“When an insured sues his or her insurer for bad faith breach of an insurance contract, the insured must prove that (1) the insurer acted unreasonably under the circumstances, and (2) the insurer either knowingly or recklessly disregarded the validity of the insured's claim.” Sanderson, 251 P.3d at 1217. This standard of care balances “the right of an insurance carrier to reject a non-compensable claim submitted by its insured and the obligation of such carrier to investigate and ultimately approve a valid claim.” Goodson, 89 P.3d at 415 (internal citation and quotation marks omitted).
Colorado also provides a statutory claim for unreasonable delay or denial of payment of claims. SeeC.R.S. §§ 10–3–1115(1)(a), 10–3–1116(1). A “first-party claimant” like Mr. Baker may bring an action for fees, costs, and double damages if his “claim for payment of benefits has been unreasonably delayed or denied.” C.R.S. § 10–3–1116(1). “[A]n insurer's delay or denial was unreasonable if the insurer delayed or denied authorizing payment of a covered benefit without a reasonable basis for that action.” C.R.S. § 10–3–1115(2).
The legal standard differs slightly between a common law bad faith claim and a statutory claim for unreasonable delay or denial of payment of a claim. Vaccaro v. Am. Family Ins. Group, 275 P.3d 750, 760 (Colo.App.2012); see also Etherton v. Owners Ins. Co., No. 10–CV–00892–PAB–KLM, 2013 WL 68702, at *4 (D.Colo. Jan. 7, 2013) (burden of proving statutory claim is less onerous than that of common law claim). “[T]he only element at issue in the statutory claim is whether an insurer denied benefits without a reasonable basis.” Vaccaro, 275 P.3d at 760. “Thus, evidence of bad faith that shows that an insurer acted unreasonably would also support a statutory claim.” Etherton, 2013 WL 68702, at *4. A common law claim requires the additional proof of the insurer's knowledge or reckless disregard as to the validity of an insured's claim. See Sanderson, 251 P.3d at 1217.
The Court has amended this order to correct a typo contained in the original order, changing “reasonable” to “unreasonable”.
The reasonableness of an insurer's conduct is “determined objectively, based on proof of industry standards.” Goodson, 89 P.3d at 415. “The aid of expert witnesses is often required in order to establish objective evidence of industry standards.” Id. The fact that an insurer's reason for denying or delaying payment of a claim was “fairly debatable” weighs against finding that the insurer acted unreasonably. Sanderson, 251 P.3d at 1217;Vaccaro, 275 P.3d at 759;Zolman v. Pinnacol Assur., 261 P.3d 490, 496 (Colo.App.2011). Furthermore, in cases where “an insurer maintains a mistaken belief that a claim is not compensable, it may still be within the scope of permissible challenge, even if the insurer's belief turns out to be incorrect.” Sanderson, 251 P.3d at 1217.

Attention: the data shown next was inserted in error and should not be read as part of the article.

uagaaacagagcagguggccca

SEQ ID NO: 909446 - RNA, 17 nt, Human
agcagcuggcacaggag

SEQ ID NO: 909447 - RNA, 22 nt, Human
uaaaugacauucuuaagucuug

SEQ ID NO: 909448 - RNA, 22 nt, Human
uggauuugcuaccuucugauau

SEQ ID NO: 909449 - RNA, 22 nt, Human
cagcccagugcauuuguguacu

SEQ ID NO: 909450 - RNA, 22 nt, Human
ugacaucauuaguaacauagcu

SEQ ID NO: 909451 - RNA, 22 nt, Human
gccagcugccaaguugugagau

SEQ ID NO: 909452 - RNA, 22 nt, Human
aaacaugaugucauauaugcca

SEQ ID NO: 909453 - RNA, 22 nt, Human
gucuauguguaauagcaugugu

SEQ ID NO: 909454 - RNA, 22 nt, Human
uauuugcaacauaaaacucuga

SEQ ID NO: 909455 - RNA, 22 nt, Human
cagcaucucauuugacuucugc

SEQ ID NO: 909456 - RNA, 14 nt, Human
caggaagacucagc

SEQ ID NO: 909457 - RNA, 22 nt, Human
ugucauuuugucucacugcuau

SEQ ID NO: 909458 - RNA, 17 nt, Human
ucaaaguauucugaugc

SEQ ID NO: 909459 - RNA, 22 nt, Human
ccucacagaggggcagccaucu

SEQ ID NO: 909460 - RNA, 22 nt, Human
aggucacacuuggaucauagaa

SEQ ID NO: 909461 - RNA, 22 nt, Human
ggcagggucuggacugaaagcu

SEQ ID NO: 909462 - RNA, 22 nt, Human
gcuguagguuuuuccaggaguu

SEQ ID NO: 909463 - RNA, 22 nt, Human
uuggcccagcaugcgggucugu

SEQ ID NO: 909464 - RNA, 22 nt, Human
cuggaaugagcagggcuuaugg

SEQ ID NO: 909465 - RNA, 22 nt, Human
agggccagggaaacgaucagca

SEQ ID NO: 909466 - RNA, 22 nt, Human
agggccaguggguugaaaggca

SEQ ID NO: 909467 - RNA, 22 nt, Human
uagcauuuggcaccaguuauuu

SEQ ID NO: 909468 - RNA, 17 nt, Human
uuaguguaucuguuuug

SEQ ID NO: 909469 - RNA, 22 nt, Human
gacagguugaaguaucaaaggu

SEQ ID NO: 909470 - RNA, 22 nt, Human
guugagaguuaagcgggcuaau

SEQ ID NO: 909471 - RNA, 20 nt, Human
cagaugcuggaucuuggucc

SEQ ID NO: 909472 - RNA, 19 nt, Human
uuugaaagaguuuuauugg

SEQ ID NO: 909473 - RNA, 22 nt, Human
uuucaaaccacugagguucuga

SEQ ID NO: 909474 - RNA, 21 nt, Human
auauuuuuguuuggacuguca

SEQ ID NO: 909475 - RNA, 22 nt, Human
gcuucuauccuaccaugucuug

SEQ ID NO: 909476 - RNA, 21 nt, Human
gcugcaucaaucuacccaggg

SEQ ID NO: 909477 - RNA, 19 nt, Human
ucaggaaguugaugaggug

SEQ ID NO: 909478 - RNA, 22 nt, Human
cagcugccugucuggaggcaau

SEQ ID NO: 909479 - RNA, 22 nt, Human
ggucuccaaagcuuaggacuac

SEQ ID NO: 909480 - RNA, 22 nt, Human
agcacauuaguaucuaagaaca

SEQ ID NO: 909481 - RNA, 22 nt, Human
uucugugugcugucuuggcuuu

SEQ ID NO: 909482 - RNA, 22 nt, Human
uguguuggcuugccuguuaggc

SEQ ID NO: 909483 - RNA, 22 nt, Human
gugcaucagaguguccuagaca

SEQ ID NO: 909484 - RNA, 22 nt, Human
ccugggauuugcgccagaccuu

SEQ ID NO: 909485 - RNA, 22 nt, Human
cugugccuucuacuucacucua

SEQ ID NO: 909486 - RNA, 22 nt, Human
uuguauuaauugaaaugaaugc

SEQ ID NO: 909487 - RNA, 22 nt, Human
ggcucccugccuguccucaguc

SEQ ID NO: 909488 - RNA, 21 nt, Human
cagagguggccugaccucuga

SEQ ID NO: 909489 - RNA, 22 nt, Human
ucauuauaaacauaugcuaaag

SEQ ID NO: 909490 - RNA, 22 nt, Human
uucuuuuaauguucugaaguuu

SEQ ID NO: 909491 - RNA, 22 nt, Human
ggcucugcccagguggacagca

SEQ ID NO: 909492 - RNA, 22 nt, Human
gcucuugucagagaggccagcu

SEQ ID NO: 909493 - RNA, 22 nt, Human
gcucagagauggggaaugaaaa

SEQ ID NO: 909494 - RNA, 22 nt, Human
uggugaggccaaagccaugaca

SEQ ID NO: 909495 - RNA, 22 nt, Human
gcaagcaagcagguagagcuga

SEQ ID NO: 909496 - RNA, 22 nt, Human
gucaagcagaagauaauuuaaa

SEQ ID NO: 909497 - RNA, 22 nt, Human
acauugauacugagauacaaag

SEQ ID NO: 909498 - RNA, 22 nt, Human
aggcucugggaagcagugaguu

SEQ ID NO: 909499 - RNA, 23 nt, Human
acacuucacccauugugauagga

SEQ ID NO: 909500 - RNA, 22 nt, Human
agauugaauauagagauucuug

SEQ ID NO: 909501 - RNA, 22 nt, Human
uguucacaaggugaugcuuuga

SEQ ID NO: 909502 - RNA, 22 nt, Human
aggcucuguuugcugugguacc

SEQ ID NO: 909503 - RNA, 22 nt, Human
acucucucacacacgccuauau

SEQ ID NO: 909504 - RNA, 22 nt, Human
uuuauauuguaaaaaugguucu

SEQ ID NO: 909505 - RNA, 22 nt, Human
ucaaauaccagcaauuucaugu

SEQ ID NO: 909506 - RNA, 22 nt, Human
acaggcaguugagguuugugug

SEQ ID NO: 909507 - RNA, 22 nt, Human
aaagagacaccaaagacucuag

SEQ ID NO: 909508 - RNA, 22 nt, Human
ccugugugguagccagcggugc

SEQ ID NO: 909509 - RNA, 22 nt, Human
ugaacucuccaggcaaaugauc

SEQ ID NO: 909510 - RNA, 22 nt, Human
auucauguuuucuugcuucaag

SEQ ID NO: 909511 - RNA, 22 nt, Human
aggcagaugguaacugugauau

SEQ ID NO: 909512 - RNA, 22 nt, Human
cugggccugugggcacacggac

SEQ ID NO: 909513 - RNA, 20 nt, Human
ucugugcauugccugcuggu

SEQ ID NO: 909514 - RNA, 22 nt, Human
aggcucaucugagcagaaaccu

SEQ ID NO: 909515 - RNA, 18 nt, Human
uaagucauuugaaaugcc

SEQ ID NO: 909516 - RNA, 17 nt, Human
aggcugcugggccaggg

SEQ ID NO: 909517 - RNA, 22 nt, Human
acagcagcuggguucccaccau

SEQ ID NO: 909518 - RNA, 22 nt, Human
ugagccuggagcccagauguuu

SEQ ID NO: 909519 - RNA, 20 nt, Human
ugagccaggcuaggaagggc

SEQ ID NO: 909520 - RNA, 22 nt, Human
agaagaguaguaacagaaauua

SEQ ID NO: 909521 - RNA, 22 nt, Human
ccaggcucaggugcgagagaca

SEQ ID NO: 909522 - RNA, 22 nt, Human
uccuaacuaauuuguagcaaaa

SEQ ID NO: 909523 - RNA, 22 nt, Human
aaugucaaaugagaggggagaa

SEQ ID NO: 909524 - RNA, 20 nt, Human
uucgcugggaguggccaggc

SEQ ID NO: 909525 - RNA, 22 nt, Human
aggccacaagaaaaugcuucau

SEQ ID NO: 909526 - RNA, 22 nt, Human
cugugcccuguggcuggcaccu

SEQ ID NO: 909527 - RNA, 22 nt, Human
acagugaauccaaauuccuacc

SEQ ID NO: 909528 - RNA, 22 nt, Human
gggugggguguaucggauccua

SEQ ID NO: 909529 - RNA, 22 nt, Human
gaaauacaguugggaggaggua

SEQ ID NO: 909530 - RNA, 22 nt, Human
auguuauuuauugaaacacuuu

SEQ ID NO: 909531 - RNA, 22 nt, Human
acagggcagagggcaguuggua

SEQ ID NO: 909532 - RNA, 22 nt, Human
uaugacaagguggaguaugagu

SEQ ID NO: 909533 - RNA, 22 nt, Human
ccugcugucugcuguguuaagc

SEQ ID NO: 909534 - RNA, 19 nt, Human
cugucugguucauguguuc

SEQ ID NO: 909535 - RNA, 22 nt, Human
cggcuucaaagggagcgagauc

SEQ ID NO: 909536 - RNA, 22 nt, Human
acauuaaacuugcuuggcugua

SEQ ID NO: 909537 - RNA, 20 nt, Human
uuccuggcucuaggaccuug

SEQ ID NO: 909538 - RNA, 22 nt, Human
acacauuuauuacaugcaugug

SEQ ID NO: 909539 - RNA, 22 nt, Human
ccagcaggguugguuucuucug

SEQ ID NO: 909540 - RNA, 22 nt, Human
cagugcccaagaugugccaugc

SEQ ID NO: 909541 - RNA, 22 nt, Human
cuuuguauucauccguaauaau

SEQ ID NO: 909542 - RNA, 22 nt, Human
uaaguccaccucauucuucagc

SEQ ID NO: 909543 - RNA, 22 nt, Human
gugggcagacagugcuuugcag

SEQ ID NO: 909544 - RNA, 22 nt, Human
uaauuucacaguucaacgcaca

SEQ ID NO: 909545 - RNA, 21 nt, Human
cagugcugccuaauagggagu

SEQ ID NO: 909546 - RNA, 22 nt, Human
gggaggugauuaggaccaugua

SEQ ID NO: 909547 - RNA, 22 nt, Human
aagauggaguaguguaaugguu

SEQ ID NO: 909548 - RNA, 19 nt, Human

Additionally, C.R.S. § 10–3–1113(4) provides that “[i]n determining whether an insurer's delay or denial was reasonable, the jury may be instructed that willful conduct of the kind set forth in section 10–3–1104(1)(h)(I) to (1)(h)(XIV) is prohibited and may be considered if the delay or denial and the claimed injury, damage, or loss was caused by or contributed to by such prohibited conduct.” See also Peiffer, 940 P.2d at 971 (jury may consider if conduct violated Unfair Claims Settlement Practices Act (“UCSPA”)). The UCSPA prohibits, inter alia, the following claim settlement practices:
“Failing to adopt and implement reasonable standards for the prompt investigation of claims arising under insurance policies,” § 10–3–1104(1)(h)(III);
“Refusing to pay claims without conducting a reasonable investigation based upon all available information,” § 10–3–1104(1)(h)(IV);
“Failing to affirm or deny coverage of claims within a reasonable time after proof of loss statements have been completed,” § 10–3–1104(1)(h)(V);
“Compelling insureds to institute litigation to recover amounts due under an insurance policy by offering substantially less than the amounts ultimately recovered in actions brought by such insureds,” § 10–3–1104(1)(h)(VII); and
“Failing to promptly provide a reasonable explanation of the basis in the insurance policy in relation to the facts or applicable law for denial of a claim or for the offer of a compromise settlement,” § 10–3–1104(1)(h)(XIV).
“What constitutes reasonableness under the circumstances is ordinarily a question of fact for the jury. However, in appropriate circumstances, as when there are no genuine issues of material fact, reasonableness may be decided as a matter of law.” Vaccaro, 275 P.3d at 759. Duty Suspended Pending Litigation
I first address the insurers' argument that their duty of good faith and fair dealing was suspended by this litigation, and that the insurers then had no duty to negotiate or advance payment.